The German Government’s Action Plan on Drone Regulation
The action plan unveiled by the Federal Ministry of Transport and Digital Infrastructure in May 2020 entitled “Unmanned Aircraft Systems and Innovative Aviation Strategies” outlines the key aspects of the future regulation of drones, air taxis etc.
The global market for UAS-based services (Unmanned Aircraft System, UAS) is worth an estimated USD 127 billion annually. The German commercial market for drones grew by 21 percent in the first six months of 2020 compared to the same period the previous year. According to the European Parliament, civil drone technology could make up for approximately 10 percent of the EU’s aviation market in the next ten years.
The federal government wants Germany to become a lead market for the development of new innovative UAS technology while establishing high safety standards. It plans to increase commercial UAS applications from currently 2 percent to 8 percent of overall use in 2030, while preserving current protection levels for personal data, privacy and the environment.
The political and legal tailwind could create interesting opportunities for the industry as a whole, as well as for logistics service providers, freight forwarders and investors. The government sees considerable potential for UAS-based services in particular in transportation, surveying, media production, security and law enforcement, civil protection in the event of emergencies or natural disasters, agriculture, the energy supply industry, distribution logistics as well as the provision of goods and services to rural or remote, difficult-to-access areas.
Current legal framework
In Germany, the operation of UAS is regulated under the Civil Aviation Act (Luftverkehrsgesetz) and the country’s air traffic regulations. Operators require a licence to fly drones above a specific weight, at night or over certain areas. UAS with a take-off mass of more than 0.25 kg require markings, and those exceeding 2 kg require a so-called certificate of knowledge (“UAS driving licence”). National rules for UAS are set to be increasingly replaced by EU rules: A new EU regulation specifically aimed at UAS is scheduled to take effect in early 2021; further updated drafts can be expected in the near future.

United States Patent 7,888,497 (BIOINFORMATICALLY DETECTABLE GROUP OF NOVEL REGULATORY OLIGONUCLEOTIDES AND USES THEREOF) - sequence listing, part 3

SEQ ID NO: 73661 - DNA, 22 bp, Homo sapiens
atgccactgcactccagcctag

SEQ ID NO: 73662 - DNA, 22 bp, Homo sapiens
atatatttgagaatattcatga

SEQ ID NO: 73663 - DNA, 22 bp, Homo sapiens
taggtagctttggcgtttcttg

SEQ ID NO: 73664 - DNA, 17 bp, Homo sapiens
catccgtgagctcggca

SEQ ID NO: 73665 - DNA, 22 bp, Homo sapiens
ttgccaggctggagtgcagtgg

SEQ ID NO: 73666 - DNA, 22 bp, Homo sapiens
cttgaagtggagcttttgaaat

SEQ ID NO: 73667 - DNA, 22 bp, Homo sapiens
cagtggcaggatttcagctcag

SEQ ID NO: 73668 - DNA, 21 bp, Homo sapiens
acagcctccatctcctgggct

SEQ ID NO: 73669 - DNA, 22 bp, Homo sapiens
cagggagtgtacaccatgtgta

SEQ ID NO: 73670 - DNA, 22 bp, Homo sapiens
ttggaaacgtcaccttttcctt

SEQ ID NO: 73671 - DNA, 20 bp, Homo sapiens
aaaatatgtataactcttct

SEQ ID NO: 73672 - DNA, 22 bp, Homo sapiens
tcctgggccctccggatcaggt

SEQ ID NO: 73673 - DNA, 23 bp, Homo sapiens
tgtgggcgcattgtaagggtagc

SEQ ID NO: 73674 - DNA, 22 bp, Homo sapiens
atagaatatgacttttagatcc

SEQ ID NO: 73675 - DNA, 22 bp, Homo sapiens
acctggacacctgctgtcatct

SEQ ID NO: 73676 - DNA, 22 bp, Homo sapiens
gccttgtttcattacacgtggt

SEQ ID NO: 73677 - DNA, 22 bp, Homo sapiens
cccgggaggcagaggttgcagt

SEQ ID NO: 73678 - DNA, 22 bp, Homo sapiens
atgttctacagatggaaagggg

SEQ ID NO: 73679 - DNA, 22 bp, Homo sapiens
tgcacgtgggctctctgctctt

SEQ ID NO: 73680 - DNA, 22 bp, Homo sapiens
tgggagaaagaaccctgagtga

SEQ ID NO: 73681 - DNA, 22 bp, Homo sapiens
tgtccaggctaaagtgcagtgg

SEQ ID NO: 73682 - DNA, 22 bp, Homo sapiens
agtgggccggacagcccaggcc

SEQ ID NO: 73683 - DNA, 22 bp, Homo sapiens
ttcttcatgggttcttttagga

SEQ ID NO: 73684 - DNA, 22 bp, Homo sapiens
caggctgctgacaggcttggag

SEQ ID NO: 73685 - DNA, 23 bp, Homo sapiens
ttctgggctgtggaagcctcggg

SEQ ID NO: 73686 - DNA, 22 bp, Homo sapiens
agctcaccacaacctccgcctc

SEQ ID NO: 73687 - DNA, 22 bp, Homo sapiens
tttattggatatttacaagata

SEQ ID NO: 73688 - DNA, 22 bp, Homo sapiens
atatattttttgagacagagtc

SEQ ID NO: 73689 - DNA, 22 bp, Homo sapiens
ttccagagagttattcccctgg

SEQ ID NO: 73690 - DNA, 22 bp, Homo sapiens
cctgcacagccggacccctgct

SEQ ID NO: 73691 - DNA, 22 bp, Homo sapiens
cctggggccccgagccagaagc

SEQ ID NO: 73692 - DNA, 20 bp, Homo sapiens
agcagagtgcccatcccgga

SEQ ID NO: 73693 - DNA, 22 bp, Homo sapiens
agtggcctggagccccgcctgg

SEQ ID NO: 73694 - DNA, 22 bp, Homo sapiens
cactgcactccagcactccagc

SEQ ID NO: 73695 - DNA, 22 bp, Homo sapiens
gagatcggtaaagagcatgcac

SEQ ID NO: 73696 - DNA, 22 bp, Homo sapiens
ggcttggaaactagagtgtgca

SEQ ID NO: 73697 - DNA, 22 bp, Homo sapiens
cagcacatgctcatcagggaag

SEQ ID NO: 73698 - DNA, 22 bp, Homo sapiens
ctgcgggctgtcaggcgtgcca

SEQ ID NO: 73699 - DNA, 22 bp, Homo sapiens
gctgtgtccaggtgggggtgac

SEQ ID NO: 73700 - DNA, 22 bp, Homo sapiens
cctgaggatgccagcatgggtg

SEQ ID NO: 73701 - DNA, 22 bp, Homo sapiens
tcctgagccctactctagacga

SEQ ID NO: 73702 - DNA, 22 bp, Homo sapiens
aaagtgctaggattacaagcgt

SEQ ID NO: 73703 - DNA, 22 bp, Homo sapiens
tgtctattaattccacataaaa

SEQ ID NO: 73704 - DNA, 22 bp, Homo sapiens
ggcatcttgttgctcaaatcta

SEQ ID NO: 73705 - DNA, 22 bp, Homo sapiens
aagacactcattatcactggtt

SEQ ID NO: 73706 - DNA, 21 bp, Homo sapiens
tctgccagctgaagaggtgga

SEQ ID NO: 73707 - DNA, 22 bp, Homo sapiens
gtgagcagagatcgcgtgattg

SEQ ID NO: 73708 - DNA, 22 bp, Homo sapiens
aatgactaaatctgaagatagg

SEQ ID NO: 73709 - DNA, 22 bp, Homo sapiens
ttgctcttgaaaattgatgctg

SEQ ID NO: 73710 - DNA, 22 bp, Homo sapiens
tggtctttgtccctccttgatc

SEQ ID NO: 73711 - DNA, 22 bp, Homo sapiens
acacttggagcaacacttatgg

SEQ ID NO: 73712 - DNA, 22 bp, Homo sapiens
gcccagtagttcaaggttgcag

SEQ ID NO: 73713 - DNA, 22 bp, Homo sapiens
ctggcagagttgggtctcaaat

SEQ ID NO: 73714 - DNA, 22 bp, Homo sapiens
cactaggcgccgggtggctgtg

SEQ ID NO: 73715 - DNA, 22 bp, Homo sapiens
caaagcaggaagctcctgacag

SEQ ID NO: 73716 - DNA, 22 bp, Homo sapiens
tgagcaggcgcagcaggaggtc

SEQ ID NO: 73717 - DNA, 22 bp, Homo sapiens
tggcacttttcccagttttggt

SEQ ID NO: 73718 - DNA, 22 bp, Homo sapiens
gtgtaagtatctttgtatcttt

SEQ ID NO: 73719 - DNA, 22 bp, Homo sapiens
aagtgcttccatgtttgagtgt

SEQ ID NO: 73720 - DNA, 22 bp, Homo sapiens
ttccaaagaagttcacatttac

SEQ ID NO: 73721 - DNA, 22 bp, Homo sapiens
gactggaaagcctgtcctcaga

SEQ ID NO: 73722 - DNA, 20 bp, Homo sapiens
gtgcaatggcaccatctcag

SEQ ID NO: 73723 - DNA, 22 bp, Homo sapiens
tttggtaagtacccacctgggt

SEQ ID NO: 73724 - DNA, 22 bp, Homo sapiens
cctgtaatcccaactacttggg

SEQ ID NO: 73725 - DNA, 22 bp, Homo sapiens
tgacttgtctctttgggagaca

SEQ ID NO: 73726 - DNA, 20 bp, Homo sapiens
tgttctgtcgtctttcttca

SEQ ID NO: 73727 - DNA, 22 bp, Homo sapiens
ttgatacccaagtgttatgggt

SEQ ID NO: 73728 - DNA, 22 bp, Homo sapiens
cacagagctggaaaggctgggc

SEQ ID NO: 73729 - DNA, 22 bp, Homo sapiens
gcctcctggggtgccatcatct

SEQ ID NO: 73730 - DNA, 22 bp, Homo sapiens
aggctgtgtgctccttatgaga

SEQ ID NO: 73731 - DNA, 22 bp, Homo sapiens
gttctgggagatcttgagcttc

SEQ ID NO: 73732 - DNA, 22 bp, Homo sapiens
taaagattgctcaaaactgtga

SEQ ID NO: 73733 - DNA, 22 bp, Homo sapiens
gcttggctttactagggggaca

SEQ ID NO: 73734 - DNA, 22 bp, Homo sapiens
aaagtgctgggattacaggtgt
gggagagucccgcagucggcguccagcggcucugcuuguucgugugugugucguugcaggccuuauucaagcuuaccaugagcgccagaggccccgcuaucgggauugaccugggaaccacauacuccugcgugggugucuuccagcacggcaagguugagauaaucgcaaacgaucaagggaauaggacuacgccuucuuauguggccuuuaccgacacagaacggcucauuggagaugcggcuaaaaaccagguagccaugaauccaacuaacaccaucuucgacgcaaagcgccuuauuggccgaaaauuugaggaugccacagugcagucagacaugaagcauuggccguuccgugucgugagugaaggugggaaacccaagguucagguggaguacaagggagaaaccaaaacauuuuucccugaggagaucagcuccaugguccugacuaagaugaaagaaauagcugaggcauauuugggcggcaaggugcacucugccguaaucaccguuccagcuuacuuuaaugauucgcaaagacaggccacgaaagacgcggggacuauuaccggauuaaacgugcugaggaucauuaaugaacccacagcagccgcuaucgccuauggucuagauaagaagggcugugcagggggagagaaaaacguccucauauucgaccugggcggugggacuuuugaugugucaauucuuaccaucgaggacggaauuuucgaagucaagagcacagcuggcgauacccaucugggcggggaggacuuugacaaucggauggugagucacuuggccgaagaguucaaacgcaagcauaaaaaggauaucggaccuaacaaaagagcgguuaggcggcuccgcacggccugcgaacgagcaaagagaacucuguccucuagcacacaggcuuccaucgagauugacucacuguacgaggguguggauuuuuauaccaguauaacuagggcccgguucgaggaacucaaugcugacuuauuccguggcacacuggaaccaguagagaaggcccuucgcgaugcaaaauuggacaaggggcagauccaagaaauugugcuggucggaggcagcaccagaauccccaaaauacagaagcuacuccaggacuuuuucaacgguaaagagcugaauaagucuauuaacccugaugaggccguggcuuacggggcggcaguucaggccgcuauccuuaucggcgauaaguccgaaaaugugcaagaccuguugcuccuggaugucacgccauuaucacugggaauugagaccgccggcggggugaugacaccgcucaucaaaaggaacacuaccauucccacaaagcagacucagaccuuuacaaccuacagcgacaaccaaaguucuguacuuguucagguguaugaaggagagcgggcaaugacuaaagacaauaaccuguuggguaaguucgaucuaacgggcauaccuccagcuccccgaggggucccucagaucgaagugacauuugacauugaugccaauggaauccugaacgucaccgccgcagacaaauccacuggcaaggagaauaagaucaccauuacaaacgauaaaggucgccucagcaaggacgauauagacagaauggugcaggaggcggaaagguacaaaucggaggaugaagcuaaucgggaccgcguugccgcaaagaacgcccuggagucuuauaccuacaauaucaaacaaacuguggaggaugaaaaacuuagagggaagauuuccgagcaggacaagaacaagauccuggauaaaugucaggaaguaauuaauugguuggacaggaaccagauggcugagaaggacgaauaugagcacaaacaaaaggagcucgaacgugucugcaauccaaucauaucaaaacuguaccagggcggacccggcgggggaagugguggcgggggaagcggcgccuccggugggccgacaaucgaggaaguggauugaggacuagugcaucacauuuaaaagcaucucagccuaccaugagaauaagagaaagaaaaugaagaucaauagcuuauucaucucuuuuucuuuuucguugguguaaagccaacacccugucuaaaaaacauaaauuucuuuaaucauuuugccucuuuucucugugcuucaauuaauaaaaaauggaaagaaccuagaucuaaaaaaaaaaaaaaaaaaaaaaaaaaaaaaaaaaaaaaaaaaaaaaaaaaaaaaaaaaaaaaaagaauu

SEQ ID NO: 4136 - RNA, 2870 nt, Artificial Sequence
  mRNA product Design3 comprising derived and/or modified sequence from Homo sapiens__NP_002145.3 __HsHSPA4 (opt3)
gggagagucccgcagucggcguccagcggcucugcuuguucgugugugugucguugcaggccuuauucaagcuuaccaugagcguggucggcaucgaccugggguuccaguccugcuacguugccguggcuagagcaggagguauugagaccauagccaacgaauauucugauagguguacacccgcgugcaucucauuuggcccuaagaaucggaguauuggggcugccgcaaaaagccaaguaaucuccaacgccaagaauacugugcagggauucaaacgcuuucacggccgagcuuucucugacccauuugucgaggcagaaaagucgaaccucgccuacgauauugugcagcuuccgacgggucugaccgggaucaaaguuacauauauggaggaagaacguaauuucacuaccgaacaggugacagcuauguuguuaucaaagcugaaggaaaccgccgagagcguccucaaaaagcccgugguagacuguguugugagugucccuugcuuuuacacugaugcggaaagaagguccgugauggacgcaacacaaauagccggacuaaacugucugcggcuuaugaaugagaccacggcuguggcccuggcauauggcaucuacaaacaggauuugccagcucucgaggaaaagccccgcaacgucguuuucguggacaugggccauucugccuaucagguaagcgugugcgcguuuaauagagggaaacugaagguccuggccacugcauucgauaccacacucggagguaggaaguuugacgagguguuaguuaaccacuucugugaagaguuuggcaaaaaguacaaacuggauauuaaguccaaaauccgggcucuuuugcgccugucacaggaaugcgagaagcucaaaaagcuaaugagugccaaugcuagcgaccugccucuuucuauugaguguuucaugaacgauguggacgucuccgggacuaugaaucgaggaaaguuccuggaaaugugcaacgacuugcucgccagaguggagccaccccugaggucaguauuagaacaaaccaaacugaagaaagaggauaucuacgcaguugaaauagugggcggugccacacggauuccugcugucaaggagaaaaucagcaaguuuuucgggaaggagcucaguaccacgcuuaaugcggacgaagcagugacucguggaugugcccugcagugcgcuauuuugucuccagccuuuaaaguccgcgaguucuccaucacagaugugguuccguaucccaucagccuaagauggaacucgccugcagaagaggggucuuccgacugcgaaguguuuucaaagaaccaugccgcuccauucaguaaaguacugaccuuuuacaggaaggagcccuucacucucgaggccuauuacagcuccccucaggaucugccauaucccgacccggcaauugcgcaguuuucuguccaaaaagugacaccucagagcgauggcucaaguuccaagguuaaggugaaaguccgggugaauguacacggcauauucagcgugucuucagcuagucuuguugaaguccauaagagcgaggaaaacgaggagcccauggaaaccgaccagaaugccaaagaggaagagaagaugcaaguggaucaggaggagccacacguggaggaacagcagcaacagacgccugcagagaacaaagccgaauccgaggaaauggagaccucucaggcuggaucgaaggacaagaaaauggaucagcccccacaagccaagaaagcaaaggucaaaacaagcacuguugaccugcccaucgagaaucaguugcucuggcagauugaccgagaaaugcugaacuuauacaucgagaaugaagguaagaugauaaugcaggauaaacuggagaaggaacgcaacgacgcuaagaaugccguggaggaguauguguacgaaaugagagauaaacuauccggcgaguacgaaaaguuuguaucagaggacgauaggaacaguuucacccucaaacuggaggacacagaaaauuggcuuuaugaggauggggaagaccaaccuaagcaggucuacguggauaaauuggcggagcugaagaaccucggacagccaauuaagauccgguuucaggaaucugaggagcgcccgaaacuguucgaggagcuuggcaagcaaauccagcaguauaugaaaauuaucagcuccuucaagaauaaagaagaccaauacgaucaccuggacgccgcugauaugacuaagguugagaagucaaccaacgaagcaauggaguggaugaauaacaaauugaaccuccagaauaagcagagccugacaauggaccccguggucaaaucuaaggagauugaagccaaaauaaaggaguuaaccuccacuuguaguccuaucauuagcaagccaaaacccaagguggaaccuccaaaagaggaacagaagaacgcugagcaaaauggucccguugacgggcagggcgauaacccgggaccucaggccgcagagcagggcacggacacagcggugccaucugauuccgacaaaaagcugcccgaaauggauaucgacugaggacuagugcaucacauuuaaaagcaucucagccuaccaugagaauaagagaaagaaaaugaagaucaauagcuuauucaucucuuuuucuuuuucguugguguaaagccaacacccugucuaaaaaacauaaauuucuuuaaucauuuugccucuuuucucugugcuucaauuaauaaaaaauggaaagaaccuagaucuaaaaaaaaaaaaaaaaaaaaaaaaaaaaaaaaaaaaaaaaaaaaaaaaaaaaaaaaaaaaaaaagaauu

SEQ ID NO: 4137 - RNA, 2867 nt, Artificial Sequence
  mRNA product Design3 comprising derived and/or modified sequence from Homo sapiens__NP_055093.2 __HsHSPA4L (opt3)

The federal government’s plans
The action plan contains measures for digitalizing and simplifying the licensing process in order to create an innovation-friendly environment. The federal government plans to expand existing state-run research funding programmes, support the establishment of national and cross-border test beds and real-world laboratories, and establish a coordinating body for UAS test beds.
Systematic, quantitative registration of UAS and the use of UAS detection systems at airports are designed to ensure aviation security. Additionally, a traffic management system is to be created for unmanned aircraft. To this end the federal government is planning the development of a central digital platform to facilitate connectivity and data exchange. What’s more, mandatory electronic conspicuity of UAS is intended to ensure automated collision avoidance. 5G mobile communication technology is considered to be particularly suited to this; further frequencies are being assessed for use in the regulation of commercial and state UAS operations.
The action plan also defines noise limits that must be complied with for UAS to be granted a CE marking. It also sets stringent requirements for their operation over noise-sensitive areas. The plan provides for the (ad-hoc) creation of UAS no-fly zones, which can be automatically identified by UAS with the help of a mandatory geo-awareness functionality.
According to the federal government’s assessment, air taxis represent a viable new mode of transport for the near future. The EASA has already published regulatory framework for air taxis, which may allow them to become operational within the next three years. They could be used to create better connections between transport hubs such as airports and train stations, reduce congestion on the ground and transport emergency physicians in air rescue operations.
Many of the details of future rules still have to be hammered out, and there are indications that they will give rise to complex questions concerning interpretation in numerous legal areas – including when it comes to national and European regulations. However, it is already evident that the federal government is charting an interesting course in unmanned aviation, and that further developments will have to be keenly watched.